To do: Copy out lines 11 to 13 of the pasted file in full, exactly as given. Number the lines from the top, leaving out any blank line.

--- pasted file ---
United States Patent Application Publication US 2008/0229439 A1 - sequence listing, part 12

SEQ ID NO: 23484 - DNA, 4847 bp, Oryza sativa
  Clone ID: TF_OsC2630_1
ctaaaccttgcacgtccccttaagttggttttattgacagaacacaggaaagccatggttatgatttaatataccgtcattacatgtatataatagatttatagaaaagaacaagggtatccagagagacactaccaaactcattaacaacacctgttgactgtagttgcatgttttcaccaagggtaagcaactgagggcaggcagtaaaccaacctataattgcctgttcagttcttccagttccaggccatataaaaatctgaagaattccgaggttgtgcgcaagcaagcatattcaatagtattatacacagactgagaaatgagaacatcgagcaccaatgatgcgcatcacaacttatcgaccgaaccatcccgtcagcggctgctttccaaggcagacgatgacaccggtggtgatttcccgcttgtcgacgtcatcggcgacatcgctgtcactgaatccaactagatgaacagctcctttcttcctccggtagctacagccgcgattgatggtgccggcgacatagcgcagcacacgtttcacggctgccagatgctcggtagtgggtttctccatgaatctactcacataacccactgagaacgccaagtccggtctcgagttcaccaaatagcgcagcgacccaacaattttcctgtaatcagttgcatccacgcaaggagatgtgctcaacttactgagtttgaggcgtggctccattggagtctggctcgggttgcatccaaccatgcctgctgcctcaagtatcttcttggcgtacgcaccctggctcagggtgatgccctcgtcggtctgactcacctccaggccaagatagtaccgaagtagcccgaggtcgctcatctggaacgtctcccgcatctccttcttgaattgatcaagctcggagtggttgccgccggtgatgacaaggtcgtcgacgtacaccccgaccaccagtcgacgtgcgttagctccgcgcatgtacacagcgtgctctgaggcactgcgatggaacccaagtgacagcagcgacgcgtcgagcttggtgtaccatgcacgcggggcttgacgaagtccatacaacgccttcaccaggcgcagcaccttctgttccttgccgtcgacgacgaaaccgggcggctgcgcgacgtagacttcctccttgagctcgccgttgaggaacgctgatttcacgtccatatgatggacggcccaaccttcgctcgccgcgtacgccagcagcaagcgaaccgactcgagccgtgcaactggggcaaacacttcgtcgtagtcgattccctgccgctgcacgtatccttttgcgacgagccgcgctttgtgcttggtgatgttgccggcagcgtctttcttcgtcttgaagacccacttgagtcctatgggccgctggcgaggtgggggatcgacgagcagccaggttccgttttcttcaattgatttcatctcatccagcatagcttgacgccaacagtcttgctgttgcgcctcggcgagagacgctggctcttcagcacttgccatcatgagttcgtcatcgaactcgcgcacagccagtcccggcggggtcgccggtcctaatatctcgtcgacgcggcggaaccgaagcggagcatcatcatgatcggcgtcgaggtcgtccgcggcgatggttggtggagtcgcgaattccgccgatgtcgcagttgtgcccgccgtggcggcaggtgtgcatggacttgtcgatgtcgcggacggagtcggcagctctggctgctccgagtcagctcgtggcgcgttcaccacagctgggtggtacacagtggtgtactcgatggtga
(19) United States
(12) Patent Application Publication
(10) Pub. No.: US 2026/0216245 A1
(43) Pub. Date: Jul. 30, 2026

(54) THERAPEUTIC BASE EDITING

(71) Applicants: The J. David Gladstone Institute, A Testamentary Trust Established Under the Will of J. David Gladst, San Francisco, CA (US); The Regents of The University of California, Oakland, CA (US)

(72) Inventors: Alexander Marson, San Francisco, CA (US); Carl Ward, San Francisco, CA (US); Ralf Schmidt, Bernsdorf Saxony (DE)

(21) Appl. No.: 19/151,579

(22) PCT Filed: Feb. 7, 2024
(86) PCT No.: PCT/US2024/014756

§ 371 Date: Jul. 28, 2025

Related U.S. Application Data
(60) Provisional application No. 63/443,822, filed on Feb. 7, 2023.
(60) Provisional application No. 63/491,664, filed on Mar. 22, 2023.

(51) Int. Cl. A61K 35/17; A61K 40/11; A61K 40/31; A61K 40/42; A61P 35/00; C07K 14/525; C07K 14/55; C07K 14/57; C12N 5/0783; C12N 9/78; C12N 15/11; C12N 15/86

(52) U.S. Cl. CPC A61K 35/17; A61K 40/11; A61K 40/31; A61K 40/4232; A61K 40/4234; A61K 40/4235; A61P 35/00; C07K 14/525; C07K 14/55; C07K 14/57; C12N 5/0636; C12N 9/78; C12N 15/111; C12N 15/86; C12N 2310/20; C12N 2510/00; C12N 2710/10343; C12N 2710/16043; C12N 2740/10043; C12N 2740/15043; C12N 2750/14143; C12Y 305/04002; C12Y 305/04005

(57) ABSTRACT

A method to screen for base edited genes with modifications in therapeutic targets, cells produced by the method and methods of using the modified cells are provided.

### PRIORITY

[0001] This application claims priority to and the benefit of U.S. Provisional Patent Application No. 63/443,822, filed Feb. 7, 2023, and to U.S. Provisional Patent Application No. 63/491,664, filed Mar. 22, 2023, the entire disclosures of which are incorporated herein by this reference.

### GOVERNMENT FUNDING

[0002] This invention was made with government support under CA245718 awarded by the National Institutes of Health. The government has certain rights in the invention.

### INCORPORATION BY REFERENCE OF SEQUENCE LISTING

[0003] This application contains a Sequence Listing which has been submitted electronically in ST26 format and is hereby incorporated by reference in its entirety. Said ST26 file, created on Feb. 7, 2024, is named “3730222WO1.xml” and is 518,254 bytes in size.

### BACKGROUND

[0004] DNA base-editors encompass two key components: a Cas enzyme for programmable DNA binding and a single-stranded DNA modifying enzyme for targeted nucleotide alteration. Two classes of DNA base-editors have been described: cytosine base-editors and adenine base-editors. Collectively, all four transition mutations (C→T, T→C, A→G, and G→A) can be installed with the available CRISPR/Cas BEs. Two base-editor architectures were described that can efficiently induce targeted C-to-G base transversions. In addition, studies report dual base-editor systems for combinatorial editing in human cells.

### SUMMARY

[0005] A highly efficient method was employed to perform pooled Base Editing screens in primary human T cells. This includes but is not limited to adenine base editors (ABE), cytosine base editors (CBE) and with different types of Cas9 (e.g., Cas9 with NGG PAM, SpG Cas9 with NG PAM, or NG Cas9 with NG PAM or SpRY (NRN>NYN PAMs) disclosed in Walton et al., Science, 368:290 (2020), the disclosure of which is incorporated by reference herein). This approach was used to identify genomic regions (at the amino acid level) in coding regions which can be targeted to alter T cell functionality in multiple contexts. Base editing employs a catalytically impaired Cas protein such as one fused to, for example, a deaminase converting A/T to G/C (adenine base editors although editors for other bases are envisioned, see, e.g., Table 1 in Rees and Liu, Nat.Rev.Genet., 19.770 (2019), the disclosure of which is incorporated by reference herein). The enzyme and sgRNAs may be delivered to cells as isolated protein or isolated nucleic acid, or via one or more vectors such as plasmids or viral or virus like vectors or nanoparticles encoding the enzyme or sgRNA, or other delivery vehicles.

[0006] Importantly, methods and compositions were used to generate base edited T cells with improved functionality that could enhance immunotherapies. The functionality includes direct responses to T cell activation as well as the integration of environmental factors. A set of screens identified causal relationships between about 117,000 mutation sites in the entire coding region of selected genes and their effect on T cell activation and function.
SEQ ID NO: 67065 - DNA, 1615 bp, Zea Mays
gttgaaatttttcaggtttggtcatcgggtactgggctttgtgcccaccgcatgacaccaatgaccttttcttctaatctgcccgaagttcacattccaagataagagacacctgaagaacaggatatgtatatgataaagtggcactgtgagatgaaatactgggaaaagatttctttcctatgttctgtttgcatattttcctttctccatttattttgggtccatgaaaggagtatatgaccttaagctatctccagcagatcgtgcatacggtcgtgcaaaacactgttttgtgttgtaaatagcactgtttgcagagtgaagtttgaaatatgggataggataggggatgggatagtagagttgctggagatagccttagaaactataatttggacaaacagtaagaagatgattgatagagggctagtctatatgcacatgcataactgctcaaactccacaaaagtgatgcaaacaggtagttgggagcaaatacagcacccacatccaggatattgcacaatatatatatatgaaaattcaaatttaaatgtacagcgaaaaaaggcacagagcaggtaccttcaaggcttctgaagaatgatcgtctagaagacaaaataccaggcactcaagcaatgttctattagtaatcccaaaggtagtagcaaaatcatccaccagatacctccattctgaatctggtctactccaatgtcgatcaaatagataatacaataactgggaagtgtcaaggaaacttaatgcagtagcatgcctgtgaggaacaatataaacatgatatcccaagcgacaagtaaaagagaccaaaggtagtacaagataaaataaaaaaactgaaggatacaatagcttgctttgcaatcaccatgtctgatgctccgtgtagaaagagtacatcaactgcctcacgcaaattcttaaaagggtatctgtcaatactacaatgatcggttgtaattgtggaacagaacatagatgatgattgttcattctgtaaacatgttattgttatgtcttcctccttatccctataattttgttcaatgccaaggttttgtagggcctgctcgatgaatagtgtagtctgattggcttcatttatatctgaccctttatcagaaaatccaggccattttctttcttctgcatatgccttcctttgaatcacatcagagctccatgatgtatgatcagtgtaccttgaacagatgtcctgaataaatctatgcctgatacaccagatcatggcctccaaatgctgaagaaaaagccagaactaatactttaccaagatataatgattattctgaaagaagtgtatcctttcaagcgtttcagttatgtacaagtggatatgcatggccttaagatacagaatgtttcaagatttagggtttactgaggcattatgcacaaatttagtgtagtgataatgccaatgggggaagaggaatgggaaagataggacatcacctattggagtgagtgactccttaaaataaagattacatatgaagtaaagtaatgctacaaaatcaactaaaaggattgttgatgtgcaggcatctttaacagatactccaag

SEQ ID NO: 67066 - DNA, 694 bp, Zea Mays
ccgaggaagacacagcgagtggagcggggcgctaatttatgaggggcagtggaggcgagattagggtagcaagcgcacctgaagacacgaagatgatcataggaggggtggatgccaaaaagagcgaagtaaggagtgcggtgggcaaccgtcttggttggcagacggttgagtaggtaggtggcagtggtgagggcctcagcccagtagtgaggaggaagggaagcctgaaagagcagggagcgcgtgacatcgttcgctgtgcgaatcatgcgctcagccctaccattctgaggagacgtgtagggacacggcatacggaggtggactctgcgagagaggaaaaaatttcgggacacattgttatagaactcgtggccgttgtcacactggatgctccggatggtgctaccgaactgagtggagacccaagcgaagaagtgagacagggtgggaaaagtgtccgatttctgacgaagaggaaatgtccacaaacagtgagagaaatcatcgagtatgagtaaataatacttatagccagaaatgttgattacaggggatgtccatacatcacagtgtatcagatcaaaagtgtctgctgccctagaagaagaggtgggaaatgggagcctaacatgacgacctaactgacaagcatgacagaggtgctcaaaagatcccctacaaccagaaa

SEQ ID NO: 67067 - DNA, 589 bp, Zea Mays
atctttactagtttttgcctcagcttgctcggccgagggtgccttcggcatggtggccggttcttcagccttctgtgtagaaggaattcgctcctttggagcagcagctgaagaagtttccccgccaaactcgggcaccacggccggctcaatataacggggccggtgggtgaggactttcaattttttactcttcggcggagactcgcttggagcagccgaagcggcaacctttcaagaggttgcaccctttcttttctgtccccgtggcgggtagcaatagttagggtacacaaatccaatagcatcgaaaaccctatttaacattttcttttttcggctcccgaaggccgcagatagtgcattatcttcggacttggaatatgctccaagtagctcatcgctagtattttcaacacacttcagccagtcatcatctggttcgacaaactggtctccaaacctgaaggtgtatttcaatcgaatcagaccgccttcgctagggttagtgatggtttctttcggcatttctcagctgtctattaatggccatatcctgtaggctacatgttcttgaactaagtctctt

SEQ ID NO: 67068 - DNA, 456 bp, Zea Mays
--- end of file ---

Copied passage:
(72) Inventors: Alexander Marson, San Francisco, CA (US); Carl Ward, San Francisco, CA (US); Ralf Schmidt, Bernsdorf Saxony (DE)

(21) Appl. No.: 19/151,579

(22) PCT Filed: Feb. 7, 2024